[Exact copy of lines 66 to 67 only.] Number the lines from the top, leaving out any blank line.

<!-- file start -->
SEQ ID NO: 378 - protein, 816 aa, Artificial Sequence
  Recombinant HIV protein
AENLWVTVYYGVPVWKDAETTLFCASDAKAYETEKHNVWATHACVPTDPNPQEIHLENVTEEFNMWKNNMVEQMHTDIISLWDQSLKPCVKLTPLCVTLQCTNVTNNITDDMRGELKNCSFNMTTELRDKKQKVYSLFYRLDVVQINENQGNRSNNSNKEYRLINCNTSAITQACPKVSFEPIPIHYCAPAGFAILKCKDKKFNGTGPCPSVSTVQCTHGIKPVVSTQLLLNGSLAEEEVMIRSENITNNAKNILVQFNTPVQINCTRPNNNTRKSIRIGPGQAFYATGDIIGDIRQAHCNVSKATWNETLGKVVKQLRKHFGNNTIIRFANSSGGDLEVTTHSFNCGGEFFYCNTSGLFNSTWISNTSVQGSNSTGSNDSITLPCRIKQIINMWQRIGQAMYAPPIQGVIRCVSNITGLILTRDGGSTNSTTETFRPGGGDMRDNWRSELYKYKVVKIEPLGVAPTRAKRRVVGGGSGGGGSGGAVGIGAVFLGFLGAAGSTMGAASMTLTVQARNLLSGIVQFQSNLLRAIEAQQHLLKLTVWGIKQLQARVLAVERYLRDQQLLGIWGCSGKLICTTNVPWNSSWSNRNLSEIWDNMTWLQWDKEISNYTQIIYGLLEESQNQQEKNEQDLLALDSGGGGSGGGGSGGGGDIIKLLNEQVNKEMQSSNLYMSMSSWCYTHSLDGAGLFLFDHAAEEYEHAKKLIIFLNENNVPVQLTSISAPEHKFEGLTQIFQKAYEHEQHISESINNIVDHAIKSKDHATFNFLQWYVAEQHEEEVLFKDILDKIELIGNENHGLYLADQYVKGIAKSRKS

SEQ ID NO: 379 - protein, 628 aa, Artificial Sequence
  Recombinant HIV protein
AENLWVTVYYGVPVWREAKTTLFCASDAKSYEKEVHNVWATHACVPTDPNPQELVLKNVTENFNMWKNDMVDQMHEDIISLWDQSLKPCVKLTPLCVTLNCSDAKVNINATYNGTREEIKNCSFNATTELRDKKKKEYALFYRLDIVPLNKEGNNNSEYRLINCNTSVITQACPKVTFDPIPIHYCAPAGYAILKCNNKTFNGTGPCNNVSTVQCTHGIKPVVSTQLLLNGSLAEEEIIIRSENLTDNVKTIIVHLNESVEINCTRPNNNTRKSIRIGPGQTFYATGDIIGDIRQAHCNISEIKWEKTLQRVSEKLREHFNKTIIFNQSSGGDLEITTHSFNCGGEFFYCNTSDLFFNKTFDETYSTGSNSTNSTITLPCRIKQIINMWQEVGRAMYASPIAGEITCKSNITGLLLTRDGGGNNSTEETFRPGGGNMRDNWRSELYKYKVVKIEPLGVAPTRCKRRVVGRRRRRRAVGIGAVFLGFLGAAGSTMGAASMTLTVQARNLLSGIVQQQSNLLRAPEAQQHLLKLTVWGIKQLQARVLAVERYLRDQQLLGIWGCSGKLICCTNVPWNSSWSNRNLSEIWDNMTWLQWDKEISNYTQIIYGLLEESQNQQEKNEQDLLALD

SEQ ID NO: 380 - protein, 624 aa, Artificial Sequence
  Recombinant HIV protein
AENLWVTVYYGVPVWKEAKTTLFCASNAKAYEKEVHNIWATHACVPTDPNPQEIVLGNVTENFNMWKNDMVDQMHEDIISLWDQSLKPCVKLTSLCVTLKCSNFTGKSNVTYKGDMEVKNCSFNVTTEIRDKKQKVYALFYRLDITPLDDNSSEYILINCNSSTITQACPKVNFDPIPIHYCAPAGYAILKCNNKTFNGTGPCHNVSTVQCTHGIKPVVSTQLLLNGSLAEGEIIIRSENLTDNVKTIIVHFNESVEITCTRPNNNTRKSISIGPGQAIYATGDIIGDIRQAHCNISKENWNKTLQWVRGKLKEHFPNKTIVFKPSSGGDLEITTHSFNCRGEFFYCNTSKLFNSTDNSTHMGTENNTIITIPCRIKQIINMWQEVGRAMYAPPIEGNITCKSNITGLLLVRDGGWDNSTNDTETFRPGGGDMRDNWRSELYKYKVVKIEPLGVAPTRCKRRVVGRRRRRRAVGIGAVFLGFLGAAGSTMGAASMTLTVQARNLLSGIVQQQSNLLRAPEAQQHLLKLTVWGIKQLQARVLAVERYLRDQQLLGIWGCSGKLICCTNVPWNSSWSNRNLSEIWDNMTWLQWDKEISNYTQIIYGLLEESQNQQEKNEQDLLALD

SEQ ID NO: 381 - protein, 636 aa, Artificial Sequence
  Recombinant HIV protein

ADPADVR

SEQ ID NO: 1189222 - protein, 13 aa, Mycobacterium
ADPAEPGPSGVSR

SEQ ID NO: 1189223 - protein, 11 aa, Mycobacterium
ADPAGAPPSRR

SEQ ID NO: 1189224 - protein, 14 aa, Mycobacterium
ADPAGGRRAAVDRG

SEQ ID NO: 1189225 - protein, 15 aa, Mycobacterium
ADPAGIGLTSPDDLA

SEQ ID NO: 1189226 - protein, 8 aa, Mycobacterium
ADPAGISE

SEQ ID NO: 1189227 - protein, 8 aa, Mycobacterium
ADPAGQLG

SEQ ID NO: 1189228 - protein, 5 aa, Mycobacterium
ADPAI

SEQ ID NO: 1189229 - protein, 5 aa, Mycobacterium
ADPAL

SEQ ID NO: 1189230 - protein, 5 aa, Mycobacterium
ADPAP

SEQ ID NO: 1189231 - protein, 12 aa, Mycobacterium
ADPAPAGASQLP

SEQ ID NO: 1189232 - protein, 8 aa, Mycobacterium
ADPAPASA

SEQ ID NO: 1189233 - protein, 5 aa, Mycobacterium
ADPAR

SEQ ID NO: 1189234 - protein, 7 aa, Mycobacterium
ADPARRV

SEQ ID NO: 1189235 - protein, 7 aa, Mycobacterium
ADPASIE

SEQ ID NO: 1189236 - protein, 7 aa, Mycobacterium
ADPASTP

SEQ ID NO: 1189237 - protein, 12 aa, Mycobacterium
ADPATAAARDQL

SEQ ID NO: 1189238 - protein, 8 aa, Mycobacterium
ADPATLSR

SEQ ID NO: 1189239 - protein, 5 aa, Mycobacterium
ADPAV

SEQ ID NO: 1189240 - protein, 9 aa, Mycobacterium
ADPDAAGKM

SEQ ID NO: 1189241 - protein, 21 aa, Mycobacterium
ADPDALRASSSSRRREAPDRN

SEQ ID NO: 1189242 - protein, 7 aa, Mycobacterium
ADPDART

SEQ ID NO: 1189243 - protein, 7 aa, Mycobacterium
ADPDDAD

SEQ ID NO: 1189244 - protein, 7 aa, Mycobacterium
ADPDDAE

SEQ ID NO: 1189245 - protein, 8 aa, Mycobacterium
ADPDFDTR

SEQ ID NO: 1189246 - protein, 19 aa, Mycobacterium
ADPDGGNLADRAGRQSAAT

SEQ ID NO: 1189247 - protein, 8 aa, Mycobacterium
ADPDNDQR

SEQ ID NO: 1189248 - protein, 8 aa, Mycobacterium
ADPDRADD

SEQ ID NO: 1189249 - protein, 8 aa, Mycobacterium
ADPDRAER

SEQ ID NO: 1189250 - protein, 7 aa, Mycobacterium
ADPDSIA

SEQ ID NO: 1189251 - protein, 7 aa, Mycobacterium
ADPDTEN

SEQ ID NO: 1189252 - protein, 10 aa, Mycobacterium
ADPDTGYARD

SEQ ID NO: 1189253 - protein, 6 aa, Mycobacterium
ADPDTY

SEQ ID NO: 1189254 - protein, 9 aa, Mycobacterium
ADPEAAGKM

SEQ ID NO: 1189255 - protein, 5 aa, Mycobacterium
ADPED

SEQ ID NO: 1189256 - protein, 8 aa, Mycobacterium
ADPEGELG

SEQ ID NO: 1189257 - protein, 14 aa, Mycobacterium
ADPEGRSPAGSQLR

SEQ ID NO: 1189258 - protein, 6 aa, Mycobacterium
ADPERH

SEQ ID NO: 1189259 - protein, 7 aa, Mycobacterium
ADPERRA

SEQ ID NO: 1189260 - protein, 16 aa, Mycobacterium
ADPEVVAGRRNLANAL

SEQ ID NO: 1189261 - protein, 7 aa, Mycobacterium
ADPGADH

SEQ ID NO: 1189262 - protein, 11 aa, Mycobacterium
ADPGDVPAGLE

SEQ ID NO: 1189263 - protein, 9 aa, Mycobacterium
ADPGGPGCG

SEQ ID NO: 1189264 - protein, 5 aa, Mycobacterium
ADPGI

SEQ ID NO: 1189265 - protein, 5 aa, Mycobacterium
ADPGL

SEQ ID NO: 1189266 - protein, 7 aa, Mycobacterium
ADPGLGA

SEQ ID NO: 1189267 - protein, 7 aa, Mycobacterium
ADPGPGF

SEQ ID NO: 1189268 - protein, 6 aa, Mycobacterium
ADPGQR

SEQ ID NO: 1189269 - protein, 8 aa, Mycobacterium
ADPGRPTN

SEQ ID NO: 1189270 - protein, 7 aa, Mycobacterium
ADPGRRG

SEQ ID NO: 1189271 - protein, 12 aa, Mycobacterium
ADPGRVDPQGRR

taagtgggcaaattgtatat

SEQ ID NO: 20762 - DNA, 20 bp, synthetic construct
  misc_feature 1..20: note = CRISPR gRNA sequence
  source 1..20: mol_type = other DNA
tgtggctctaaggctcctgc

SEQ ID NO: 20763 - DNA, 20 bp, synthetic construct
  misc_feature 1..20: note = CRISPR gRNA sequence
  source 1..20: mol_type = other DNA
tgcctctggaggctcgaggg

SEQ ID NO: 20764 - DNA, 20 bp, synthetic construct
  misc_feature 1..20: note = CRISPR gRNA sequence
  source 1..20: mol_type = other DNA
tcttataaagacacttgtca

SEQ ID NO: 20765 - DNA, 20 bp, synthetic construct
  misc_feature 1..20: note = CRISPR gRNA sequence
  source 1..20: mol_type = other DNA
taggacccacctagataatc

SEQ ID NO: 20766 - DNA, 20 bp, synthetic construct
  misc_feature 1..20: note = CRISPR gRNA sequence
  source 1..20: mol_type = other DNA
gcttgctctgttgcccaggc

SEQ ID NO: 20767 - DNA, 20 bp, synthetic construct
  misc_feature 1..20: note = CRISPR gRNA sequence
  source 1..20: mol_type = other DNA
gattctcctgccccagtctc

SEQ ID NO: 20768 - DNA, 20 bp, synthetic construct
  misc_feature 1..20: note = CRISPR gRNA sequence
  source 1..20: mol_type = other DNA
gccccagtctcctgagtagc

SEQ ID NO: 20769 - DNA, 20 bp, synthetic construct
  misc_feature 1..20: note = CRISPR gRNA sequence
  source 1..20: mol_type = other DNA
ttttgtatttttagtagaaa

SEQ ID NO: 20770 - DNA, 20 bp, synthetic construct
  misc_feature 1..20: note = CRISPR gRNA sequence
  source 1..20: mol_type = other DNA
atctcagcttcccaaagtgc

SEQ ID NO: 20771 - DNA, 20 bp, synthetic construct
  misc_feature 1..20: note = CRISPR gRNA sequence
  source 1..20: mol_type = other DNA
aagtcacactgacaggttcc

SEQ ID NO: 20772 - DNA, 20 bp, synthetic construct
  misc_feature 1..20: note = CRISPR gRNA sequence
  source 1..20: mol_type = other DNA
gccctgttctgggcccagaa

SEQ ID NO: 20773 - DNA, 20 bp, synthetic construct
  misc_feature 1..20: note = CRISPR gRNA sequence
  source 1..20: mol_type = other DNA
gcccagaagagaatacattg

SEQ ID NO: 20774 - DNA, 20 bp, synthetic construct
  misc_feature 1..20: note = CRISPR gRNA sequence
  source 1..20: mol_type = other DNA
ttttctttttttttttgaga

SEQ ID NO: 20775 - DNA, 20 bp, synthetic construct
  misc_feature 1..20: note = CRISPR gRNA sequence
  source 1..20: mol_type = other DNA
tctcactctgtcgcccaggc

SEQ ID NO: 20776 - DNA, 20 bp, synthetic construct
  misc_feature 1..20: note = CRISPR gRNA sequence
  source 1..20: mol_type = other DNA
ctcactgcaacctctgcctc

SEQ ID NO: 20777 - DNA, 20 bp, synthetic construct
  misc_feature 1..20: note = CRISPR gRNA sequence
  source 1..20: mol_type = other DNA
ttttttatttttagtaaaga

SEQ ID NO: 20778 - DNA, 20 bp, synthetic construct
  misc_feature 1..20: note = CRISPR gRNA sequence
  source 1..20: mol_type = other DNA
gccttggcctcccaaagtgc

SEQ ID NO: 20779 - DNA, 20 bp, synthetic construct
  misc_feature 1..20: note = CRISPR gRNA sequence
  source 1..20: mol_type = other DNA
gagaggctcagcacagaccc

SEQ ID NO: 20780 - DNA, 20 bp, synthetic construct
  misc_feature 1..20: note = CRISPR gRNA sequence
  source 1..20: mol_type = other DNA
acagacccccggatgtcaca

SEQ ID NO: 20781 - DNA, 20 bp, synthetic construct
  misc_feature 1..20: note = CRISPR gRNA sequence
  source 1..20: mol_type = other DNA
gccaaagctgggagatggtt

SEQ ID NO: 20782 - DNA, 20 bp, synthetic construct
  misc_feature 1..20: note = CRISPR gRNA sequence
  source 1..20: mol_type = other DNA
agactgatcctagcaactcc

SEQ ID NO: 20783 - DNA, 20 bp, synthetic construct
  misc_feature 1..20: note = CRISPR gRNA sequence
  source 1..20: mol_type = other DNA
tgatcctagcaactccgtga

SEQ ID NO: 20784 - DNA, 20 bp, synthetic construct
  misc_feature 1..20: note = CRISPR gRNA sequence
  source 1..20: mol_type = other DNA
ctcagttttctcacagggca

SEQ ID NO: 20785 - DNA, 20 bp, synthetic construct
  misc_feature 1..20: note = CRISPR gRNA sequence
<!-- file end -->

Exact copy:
ADPDRADD

SEQ ID NO: 1189249 - protein, 8 aa, Mycobacterium